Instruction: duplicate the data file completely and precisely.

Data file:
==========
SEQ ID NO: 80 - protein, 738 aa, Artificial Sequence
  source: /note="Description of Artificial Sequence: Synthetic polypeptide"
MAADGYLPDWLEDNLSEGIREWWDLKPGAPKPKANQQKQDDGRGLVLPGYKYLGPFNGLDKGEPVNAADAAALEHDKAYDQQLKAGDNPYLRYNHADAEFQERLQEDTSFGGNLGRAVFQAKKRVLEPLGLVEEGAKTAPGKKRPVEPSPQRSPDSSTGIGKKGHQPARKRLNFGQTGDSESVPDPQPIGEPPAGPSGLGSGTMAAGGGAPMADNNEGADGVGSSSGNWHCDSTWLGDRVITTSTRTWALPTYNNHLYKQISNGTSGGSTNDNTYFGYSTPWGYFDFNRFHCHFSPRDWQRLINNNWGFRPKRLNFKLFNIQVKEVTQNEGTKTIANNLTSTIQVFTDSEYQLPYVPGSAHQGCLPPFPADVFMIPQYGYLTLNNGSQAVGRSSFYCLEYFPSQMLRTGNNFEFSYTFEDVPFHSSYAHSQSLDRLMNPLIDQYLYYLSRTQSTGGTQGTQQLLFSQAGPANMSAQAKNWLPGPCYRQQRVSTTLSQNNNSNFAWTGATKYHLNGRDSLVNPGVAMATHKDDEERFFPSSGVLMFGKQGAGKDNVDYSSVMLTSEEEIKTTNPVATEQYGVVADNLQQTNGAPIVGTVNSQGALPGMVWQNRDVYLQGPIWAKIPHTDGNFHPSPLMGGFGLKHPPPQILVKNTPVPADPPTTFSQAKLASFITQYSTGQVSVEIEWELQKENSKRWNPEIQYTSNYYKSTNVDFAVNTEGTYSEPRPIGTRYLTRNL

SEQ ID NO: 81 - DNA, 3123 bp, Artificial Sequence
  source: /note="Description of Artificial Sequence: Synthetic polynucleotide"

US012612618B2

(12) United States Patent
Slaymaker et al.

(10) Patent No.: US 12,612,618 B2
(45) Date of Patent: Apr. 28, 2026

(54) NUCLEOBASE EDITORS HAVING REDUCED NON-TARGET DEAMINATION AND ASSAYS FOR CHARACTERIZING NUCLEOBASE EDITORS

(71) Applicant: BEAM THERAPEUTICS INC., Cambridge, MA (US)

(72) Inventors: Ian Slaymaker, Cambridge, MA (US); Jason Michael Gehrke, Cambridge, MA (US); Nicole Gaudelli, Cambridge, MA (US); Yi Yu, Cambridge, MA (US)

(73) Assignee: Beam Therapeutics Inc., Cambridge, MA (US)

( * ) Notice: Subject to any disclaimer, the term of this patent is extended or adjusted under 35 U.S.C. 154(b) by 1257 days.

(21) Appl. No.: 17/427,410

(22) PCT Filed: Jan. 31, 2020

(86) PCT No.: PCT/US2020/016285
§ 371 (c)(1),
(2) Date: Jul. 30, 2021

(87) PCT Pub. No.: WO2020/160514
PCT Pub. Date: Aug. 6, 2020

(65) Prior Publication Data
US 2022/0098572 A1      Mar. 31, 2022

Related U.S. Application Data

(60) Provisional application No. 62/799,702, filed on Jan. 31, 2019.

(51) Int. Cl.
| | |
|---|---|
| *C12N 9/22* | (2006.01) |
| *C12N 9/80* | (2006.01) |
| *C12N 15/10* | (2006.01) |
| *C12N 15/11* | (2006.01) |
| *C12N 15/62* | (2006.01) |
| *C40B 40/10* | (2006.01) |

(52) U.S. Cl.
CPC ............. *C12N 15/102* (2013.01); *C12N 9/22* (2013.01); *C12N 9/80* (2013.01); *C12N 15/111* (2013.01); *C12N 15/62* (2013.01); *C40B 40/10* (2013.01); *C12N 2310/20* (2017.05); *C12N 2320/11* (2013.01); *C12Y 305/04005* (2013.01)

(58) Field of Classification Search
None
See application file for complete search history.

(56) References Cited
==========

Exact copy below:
SEQ ID NO: 80 - protein, 738 aa, Artificial Sequence
  source: /note="Description of Artificial Sequence: Synthetic polypeptide"
MAADGYLPDWLEDNLSEGIREWWDLKPGAPKPKANQQKQDDGRGLVLPGYKYLGPFNGLDKGEPVNAADAAALEHDKAYDQQLKAGDNPYLRYNHADAEFQERLQEDTSFGGNLGRAVFQAKKRVLEPLGLVEEGAKTAPGKKRPVEPSPQRSPDSSTGIGKKGHQPARKRLNFGQTGDSESVPDPQPIGEPPAGPSGLGSGTMAAGGGAPMADNNEGADGVGSSSGNWHCDSTWLGDRVITTSTRTWALPTYNNHLYKQISNGTSGGSTNDNTYFGYSTPWGYFDFNRFHCHFSPRDWQRLINNNWGFRPKRLNFKLFNIQVKEVTQNEGTKTIANNLTSTIQVFTDSEYQLPYVPGSAHQGCLPPFPADVFMIPQYGYLTLNNGSQAVGRSSFYCLEYFPSQMLRTGNNFEFSYTFEDVPFHSSYAHSQSLDRLMNPLIDQYLYYLSRTQSTGGTQGTQQLLFSQAGPANMSAQAKNWLPGPCYRQQRVSTTLSQNNNSNFAWTGATKYHLNGRDSLVNPGVAMATHKDDEERFFPSSGVLMFGKQGAGKDNVDYSSVMLTSEEEIKTTNPVATEQYGVVADNLQQTNGAPIVGTVNSQGALPGMVWQNRDVYLQGPIWAKIPHTDGNFHPSPLMGGFGLKHPPPQILVKNTPVPADPPTTFSQAKLASFITQYSTGQVSVEIEWELQKENSKRWNPEIQYTSNYYKSTNVDFAVNTEGTYSEPRPIGTRYLTRNL

SEQ ID NO: 81 - DNA, 3123 bp, Artificial Sequence
  source: /note="Description of Artificial Sequence: Synthetic polynucleotide"

US012612618B2

(12) United States Patent
Slaymaker et al.

(10) Patent No.: US 12,612,618 B2
(45) Date of Patent: Apr. 28, 2026

(54) NUCLEOBASE EDITORS HAVING REDUCED NON-TARGET DEAMINATION AND ASSAYS FOR CHARACTERIZING NUCLEOBASE EDITORS

(71) Applicant: BEAM THERAPEUTICS INC., Cambridge, MA (US)

(72) Inventors: Ian Slaymaker, Cambridge, MA (US); Jason Michael Gehrke, Cambridge, MA (US); Nicole Gaudelli, Cambridge, MA (US); Yi Yu, Cambridge, MA (US)

(73) Assignee: Beam Therapeutics Inc., Cambridge, MA (US)

( * ) Notice: Subject to any disclaimer, the term of this patent is extended or adjusted under 35 U.S.C. 154(b) by 1257 days.

(21) Appl. No.: 17/427,410

(22) PCT Filed: Jan. 31, 2020

(86) PCT No.: PCT/US2020/016285
§ 371 (c)(1),
(2) Date: Jul. 30, 2021

(87) PCT Pub. No.: WO2020/160514
PCT Pub. Date: Aug. 6, 2020

(65) Prior Publication Data
US 2022/0098572 A1      Mar. 31, 2022

Related U.S. Application Data

(60) Provisional application No. 62/799,702, filed on Jan. 31, 2019.

(51) Int. Cl.
| | |
|---|---|
| *C12N 9/22* | (2006.01) |
| *C12N 9/80* | (2006.01) |
| *C12N 15/10* | (2006.01) |
| *C12N 15/11* | (2006.01) |
| *C12N 15/62* | (2006.01) |
| *C40B 40/10* | (2006.01) |

(52) U.S. Cl.
CPC ............. *C12N 15/102* (2013.01); *C12N 9/22* (2013.01); *C12N 9/80* (2013.01); *C12N 15/111* (2013.01); *C12N 15/62* (2013.01); *C40B 40/10* (2013.01); *C12N 2310/20* (2017.05); *C12N 2320/11* (2013.01); *C12Y 305/04005* (2013.01)

(58) Field of Classification Search
None
See application file for complete search history.

(56) References Cited